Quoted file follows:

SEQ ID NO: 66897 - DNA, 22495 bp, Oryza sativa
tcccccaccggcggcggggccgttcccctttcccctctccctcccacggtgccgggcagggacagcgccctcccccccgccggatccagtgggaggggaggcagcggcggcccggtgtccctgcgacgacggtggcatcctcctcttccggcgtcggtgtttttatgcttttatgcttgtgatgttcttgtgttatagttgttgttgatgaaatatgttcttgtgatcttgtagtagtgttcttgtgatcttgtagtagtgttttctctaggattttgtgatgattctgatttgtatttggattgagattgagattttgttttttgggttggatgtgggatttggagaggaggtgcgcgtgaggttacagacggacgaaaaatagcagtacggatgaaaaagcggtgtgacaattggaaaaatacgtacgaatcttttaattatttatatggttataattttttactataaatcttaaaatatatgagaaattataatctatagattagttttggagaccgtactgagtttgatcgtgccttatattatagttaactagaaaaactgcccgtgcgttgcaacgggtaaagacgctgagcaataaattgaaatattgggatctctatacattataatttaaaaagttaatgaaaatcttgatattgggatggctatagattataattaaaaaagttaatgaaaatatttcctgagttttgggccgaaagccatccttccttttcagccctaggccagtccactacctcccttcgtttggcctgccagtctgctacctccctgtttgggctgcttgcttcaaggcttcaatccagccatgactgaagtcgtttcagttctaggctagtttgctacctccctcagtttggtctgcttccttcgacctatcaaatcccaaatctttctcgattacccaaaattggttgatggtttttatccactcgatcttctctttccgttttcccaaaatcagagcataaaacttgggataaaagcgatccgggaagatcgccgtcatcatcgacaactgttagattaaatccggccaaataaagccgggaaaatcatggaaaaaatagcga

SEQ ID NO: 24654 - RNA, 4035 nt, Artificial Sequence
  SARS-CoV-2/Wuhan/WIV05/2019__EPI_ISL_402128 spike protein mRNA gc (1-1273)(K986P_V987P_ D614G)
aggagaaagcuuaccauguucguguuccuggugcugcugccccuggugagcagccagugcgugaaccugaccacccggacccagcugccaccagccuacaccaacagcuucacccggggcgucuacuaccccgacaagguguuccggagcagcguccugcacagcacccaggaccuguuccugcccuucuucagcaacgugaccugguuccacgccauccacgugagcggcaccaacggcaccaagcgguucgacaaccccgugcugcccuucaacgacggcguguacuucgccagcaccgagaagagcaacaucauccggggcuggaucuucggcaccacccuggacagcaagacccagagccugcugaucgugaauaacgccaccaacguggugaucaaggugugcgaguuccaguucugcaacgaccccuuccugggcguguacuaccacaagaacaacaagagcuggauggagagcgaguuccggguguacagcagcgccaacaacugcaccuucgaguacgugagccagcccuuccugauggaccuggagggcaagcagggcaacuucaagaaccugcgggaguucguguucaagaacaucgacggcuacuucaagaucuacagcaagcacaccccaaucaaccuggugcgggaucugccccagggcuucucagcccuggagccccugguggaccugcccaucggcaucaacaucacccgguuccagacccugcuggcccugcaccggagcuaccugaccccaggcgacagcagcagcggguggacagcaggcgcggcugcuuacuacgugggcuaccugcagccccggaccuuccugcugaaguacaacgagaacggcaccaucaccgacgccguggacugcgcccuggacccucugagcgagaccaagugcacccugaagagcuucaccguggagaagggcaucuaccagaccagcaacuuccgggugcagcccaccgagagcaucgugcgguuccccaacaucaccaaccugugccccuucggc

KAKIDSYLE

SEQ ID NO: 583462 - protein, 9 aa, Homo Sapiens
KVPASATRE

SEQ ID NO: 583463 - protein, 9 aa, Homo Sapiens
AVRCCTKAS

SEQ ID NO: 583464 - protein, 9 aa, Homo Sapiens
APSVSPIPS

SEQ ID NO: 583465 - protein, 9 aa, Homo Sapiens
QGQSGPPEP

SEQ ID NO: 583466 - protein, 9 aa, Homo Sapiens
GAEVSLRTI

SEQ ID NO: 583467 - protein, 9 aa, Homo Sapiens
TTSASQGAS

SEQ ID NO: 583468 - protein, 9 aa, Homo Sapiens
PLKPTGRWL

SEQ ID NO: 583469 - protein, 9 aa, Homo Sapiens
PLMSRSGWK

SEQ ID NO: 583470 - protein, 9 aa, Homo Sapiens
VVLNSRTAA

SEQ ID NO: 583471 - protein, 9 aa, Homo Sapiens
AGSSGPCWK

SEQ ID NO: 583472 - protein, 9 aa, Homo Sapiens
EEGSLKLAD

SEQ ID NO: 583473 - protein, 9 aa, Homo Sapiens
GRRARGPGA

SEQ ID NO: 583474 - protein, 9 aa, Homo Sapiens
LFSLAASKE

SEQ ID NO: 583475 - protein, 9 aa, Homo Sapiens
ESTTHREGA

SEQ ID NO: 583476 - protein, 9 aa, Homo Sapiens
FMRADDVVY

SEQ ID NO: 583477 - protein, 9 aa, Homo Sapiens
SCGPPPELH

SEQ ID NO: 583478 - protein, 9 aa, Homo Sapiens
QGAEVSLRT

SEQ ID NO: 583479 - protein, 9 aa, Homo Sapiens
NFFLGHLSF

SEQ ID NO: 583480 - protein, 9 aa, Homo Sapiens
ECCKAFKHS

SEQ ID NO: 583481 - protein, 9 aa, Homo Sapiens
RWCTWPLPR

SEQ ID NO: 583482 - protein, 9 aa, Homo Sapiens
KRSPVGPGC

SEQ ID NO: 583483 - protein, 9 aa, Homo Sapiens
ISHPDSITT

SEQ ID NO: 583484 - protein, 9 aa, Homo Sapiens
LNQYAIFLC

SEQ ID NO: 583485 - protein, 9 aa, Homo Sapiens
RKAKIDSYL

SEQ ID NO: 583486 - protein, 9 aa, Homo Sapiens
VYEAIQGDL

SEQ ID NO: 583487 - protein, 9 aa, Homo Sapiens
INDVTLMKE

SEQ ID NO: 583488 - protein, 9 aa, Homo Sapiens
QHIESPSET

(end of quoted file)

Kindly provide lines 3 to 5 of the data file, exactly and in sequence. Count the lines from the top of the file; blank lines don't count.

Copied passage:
SEQ ID NO: 24654 - RNA, 4035 nt, Artificial Sequence
  SARS-CoV-2/Wuhan/WIV05/2019__EPI_ISL_402128 spike protein mRNA gc (1-1273)(K986P_V987P_ D614G)
aggagaaagcuuaccauguucguguuccuggugcugcugccccuggugagcagccagugcgugaaccugaccacccggacccagcugccaccagccuacaccaacagcuucacccggggcgucuacuaccccgacaagguguuccggagcagcguccugcacagcacccaggaccuguuccugcccuucuucagcaacgugaccugguuccacgccauccacgugagcggcaccaacggcaccaagcgguucgacaaccccgugcugcccuucaacgacggcguguacuucgccagcaccgagaagagcaacaucauccggggcuggaucuucggcaccacccuggacagcaagacccagagccugcugaucgugaauaacgccaccaacguggugaucaaggugugcgaguuccaguucugcaacgaccccuuccugggcguguacuaccacaagaacaacaagagcuggauggagagcgaguuccggguguacagcagcgccaacaacugcaccuucgaguacgugagccagcccuuccugauggaccuggagggcaagcagggcaacuucaagaaccugcgggaguucguguucaagaacaucgacggcuacuucaagaucuacagcaagcacaccccaaucaaccuggugcgggaucugccccagggcuucucagcccuggagccccugguggaccugcccaucggcaucaacaucacccgguuccagacccugcuggcccugcaccggagcuaccugaccccaggcgacagcagcagcggguggacagcaggcgcggcugcuuacuacgugggcuaccugcagccccggaccuuccugcugaaguacaacgagaacggcaccaucaccgacgccguggacugcgcccuggacccucugagcgagaccaagugcacccugaagagcuucaccguggagaagggcaucuaccagaccagcaacuuccgggugcagcccaccgagagcaucgugcgguuccccaacaucaccaaccugugccccuucggc